WYE MILLS — As Maryland’s Eastern Shore vaccine supplies increase, so have vaccination opportunities around the Mid-Shore.
“Our vaccine clinics at Chesapeake College and Shore Medical Center at Dorchester are going extremely well, and we’re especially pleased to see more than 150 teens signed up for the Pfizer vaccine,” said University of Maryland Shore Regional Health’s regional pharmacy director Kevin Chapple in a news release.
Pfizer is currently the only vaccine approved for 16- and 17-year olds with parental or guardian consent as well as for adults.
“We’re hopeful that as they get vaccinated, more of their peers will follow suit,” Chapple said.
One of the first locals to receive the shot was David Lumb, of Stevensville.
“It was quick and easy,” Lumb said in the release. “Getting vaccinated was important for me so I can be protected. I can protect my friends and family, and then finally start going out again whenever we’re able to.”
UM Shore Regional Health also offers vaccinations at UM Shore Medical Pavilion at Easton, but those appointments tend to fill up quickly.
Detailed information about local vaccination sites and registration can be found online at www.umms.org/shore/coronavirus/ get-vaccine.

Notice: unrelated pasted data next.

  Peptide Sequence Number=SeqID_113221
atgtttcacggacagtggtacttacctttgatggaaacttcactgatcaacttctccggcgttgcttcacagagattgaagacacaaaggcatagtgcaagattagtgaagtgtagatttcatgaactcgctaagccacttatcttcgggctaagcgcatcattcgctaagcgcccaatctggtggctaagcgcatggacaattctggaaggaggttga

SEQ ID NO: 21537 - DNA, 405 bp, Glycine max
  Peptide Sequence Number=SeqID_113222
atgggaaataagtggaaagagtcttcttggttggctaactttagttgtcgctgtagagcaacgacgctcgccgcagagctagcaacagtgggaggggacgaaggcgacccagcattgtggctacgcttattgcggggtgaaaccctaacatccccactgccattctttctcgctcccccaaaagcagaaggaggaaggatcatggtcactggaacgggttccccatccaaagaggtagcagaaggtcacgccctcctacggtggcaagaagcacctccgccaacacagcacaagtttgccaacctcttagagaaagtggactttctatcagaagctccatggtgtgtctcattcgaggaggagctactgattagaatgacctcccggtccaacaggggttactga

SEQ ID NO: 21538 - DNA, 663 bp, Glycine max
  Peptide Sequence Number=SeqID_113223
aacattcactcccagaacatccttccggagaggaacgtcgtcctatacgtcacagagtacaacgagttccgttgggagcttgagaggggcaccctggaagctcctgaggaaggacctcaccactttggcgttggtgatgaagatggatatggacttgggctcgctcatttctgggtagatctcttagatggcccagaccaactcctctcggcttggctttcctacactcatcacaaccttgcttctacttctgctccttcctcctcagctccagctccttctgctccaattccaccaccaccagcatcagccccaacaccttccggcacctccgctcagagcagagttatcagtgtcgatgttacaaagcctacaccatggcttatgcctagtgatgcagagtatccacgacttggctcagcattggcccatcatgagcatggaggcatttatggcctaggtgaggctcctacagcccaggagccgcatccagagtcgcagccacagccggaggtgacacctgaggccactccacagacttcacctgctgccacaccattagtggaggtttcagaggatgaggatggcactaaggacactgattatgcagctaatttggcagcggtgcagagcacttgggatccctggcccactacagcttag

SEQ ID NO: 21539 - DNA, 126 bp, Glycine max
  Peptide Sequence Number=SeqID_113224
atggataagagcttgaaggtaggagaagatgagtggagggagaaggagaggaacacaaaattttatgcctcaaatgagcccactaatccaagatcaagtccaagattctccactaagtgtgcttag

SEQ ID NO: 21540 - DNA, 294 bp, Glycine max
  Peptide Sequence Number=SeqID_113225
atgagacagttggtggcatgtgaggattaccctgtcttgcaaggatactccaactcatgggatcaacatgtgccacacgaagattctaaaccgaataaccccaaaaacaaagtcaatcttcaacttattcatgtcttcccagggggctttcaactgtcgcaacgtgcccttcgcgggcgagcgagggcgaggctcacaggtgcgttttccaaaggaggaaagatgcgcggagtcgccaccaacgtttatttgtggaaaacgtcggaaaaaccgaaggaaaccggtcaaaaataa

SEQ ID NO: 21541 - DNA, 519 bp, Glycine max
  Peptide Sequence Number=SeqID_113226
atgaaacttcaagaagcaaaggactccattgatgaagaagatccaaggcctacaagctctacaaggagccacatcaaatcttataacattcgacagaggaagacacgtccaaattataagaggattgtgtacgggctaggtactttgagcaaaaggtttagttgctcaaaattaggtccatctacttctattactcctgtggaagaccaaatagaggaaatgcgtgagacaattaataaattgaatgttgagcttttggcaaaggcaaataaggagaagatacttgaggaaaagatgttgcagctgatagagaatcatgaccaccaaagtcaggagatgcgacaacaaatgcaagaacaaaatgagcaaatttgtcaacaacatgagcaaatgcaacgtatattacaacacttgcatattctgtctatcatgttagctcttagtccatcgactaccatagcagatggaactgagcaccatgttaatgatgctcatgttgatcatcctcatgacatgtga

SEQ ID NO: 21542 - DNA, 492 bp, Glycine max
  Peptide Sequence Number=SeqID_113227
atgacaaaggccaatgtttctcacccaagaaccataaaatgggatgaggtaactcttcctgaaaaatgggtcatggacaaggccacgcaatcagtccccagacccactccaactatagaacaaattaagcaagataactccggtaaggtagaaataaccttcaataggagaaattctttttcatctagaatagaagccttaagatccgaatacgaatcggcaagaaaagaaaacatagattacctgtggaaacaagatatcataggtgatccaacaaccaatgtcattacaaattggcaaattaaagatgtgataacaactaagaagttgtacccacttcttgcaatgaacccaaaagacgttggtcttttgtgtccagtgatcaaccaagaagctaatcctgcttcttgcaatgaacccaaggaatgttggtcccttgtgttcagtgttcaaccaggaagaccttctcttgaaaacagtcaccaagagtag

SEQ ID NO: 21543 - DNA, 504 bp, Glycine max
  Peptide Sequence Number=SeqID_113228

Including vaccines provided to the regional health care network’s employees, providers and volunteers, and those offered through mobile vaccination clinics at employment sites and community organizations around the Mid-Shore region, the UM Shore Regional Health vaccination team has reportedly administered more than 11,000 vaccines — including first and second doses — since January.
“I am both proud of and grateful to our pharmacy team and our outstanding volunteers for their amazing work in helping to protect the health of our community,” said Dr. William H. Huffner, chief medical officer and senior vice president for Medical Affairs. “With the incidence of COVID-19 on the rise again in Maryland, we are encouraging everyone in our region who has so far been reluctant to get themselves vaccinated to register online, roll up their sleeve and get the shots.”